Forrest Woodworker II: 10″ x 40 Tooth, 3/32″ Kerf | Forrest Saw Blades

AngleCube Digital Angle Gauge

Titebond III Ultimate Wood Glue 32 oz | Titebond Wood Glue

Check out the full archives of The Down To Earth Woodworker monthly column.

Jul 122011

From the publishing schedules and tables of contents of the woodworking magazines it would seem we woodworkers are expected to slow down and shift gears in the summertime. We are expected to be gardening, golfing, fishing, or, if we build anything at all, it is supposed to be deck furniture, gazebos, or lawn games. Don’t despair, however, it’s summertime, and as DuBose Heyward wrote and George Gershwin set to music in 1933-34, the “livin’ is easy.”

And the livin’ is easy
Fish are jumpin’
And the cotton is high

Your daddy’s rich
And your mamma’s good lookin’
So hush little baby
Don’t you cry

No doubt there are plenty of summer distractions for us woodworkers. The lawn must be mowed, the garden tended, and the lure of the biking and hiking trails is strong. Golf clubs and fishing poles call our names and beg us for outings. But hang in there and “hush little baby, don’t you cry,” ’cause summertime can also be awesome shop time.

Sunshine & Air

Supreme Court justice Louis Brandeis’ advice that “Sunshine is the best disinfectant” is often quoted but seldom followed in our nation’s capital. Here in the North Country where we seem locked in a multi-month state of constant cold, rainy, and overcast conditions, we have no evidence that the judge’s advice is true either. Yet, as best we can remember, sunshine is a wonderful disinfectant.

If you are lucky enough to have some sunshine this summer, fling open those shop windows and doors! Roll your equipment out and maybe do a little springtime cleaning. I read about one woodworker who opens the door on his shop when the weather gets warm and blasts it clean with a leaf blower. Your shop may not need disinfecting, but a little sunshine and fresh air won’t hurt!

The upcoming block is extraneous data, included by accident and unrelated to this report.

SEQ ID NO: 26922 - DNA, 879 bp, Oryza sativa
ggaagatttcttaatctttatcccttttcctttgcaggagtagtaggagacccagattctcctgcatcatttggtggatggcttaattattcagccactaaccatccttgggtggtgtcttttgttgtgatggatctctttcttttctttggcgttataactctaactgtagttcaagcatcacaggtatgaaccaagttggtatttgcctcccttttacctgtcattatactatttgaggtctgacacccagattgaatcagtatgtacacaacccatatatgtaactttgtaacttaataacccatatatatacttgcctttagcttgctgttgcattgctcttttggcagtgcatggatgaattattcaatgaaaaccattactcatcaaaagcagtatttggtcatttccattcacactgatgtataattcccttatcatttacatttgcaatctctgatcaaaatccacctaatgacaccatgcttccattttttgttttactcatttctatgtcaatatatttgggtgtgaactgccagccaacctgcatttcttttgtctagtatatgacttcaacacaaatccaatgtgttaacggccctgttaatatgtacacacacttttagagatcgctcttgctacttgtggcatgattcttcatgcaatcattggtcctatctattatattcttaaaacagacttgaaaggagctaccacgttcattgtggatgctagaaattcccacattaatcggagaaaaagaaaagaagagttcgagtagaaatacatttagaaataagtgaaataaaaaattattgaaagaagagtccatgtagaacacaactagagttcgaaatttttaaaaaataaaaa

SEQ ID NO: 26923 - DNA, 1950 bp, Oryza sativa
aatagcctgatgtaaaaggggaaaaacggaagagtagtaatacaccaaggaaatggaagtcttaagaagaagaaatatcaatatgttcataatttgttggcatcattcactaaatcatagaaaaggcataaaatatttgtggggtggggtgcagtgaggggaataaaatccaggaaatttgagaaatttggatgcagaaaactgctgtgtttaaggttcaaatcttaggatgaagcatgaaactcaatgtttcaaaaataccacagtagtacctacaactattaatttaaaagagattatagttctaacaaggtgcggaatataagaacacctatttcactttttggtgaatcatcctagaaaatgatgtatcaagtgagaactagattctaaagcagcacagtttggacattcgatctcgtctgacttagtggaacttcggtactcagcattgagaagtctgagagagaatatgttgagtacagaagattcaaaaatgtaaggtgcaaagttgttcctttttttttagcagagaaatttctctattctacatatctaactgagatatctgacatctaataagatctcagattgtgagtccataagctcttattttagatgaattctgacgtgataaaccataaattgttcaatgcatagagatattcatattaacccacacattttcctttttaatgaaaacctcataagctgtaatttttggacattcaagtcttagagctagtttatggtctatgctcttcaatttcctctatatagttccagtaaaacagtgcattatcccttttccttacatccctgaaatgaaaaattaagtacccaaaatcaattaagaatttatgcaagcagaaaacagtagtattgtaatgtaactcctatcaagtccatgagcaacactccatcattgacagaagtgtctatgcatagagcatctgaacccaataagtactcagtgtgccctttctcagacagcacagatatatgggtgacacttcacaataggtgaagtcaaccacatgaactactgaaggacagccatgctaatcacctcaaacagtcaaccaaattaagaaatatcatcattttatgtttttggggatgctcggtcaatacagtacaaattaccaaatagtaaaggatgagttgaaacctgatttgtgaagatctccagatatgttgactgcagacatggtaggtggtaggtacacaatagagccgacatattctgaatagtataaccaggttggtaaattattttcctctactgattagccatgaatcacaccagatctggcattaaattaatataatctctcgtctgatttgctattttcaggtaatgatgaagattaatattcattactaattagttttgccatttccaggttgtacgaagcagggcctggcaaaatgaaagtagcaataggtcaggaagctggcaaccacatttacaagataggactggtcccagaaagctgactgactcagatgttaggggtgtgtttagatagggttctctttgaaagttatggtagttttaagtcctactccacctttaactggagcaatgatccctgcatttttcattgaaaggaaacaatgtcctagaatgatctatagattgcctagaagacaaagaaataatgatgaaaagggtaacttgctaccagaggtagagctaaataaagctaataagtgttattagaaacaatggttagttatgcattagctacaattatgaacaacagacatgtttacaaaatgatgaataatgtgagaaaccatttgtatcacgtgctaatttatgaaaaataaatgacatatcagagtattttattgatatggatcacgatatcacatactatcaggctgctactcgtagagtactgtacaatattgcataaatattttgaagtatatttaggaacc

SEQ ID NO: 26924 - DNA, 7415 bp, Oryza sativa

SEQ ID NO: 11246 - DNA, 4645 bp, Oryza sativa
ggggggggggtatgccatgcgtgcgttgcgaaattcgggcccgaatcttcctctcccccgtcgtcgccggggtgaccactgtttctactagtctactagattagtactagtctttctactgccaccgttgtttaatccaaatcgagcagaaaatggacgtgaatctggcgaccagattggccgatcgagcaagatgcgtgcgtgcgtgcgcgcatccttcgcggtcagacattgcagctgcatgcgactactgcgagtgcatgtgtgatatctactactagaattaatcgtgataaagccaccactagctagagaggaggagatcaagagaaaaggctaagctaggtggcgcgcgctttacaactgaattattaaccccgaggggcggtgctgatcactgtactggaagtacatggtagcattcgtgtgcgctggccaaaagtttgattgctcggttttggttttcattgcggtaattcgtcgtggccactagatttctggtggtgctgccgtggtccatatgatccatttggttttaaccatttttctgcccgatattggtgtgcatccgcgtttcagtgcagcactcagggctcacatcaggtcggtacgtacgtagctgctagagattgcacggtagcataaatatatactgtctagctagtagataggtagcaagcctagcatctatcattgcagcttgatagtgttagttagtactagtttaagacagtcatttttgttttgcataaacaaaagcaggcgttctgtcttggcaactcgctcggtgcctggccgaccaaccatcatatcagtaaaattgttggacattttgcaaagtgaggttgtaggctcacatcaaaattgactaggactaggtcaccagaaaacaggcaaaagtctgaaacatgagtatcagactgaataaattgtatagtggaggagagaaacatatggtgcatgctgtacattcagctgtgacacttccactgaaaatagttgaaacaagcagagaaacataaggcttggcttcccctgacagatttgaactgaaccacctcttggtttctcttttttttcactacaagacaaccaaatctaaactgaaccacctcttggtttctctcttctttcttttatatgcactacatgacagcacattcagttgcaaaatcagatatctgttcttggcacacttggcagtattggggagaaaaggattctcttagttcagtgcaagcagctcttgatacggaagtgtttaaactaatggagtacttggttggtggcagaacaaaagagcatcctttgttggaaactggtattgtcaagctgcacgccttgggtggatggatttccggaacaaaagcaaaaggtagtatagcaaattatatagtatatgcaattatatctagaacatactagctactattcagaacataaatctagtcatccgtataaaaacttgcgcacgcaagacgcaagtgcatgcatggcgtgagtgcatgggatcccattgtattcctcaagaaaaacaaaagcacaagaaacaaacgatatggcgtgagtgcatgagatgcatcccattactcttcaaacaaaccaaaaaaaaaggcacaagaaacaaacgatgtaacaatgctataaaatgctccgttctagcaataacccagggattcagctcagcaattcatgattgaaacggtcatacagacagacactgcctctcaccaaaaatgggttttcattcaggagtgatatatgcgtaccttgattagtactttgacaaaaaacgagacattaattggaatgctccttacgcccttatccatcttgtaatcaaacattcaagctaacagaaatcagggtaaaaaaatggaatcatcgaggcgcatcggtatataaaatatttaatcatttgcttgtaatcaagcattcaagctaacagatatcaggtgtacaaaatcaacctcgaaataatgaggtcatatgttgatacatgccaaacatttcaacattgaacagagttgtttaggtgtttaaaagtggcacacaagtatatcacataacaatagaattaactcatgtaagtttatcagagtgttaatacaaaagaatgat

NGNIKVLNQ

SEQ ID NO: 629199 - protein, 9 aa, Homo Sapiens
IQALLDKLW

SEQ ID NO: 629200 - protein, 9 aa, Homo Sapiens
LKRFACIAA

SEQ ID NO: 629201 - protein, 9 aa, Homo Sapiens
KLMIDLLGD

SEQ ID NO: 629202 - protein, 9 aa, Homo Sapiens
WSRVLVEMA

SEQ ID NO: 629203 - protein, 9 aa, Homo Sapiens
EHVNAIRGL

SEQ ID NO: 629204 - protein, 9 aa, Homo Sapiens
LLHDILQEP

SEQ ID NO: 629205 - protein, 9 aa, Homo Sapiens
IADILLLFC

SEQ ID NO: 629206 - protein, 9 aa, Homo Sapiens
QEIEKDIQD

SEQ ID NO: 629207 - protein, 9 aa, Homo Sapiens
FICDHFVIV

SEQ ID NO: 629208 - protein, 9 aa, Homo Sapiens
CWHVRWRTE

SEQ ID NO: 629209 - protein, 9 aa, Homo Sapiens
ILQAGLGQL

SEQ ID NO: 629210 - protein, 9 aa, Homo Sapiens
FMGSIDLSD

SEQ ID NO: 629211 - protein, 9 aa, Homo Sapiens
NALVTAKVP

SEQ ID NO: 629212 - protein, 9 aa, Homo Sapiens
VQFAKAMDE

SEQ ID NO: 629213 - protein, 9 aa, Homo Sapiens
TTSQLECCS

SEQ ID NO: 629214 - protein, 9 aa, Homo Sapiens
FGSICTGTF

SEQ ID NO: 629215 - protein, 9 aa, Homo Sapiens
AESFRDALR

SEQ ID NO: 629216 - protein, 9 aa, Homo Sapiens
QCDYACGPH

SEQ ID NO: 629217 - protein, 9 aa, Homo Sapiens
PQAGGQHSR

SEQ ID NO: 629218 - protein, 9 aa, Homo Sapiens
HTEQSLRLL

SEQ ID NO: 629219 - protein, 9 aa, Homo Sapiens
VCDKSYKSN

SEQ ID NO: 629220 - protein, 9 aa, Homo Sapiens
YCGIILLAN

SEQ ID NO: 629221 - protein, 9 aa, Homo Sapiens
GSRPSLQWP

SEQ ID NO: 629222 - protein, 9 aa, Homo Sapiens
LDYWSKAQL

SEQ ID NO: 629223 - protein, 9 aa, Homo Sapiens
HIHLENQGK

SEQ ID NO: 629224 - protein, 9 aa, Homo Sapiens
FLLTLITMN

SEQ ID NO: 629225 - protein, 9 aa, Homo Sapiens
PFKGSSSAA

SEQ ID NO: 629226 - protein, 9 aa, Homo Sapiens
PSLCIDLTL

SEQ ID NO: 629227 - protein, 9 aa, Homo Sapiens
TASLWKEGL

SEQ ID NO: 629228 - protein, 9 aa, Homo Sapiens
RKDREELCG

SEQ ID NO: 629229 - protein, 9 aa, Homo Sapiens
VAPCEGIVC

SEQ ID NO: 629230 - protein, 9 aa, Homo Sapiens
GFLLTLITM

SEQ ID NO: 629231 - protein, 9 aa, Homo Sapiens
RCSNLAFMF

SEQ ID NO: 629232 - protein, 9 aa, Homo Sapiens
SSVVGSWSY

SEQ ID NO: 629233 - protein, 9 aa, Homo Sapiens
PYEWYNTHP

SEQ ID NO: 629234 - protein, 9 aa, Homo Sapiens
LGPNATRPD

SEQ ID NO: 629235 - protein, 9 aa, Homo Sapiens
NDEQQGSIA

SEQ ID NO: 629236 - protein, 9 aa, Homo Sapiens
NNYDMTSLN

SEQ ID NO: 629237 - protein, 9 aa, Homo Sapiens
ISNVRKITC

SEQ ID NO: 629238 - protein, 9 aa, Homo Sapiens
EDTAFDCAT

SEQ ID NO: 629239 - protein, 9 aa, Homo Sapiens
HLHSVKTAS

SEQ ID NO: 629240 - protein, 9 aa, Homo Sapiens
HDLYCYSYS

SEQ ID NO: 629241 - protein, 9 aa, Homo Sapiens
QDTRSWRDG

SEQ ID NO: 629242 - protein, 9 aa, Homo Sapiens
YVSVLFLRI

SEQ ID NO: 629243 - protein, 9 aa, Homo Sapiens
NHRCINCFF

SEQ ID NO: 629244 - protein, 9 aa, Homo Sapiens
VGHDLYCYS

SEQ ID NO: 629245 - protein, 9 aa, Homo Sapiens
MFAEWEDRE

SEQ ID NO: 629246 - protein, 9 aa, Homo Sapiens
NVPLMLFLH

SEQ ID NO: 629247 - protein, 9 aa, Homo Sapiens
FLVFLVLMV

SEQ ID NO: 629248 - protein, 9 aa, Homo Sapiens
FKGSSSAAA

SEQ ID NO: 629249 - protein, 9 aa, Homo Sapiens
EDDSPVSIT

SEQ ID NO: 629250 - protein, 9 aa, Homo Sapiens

For me, summer is a great time to do some equipment maintenance. Clean, lube, sharpen, and calibrate machinery. The things you can see in the bright sunshine may surprise you. Sort all the hardware and fasteners that have accumulated. A pleasant way to spend an hour or so is sorting screws while sitting on the deck sipping your favorite beverage. Have a driveway sale and clear out unused tools and gadgets. Need to strip a finish? It is so much more pleasant to do that nasty, smelly job outside. Want to run your belt sander over the top of your workbench? Let the wind take away the sawdust in the wide, open spaces. All those wood chips and sawdust you collected over the winter will make great compost or mulch, so get to work. Best of all, just let the sounds of summer envelope you as you quietly plane a board to perfect flatness.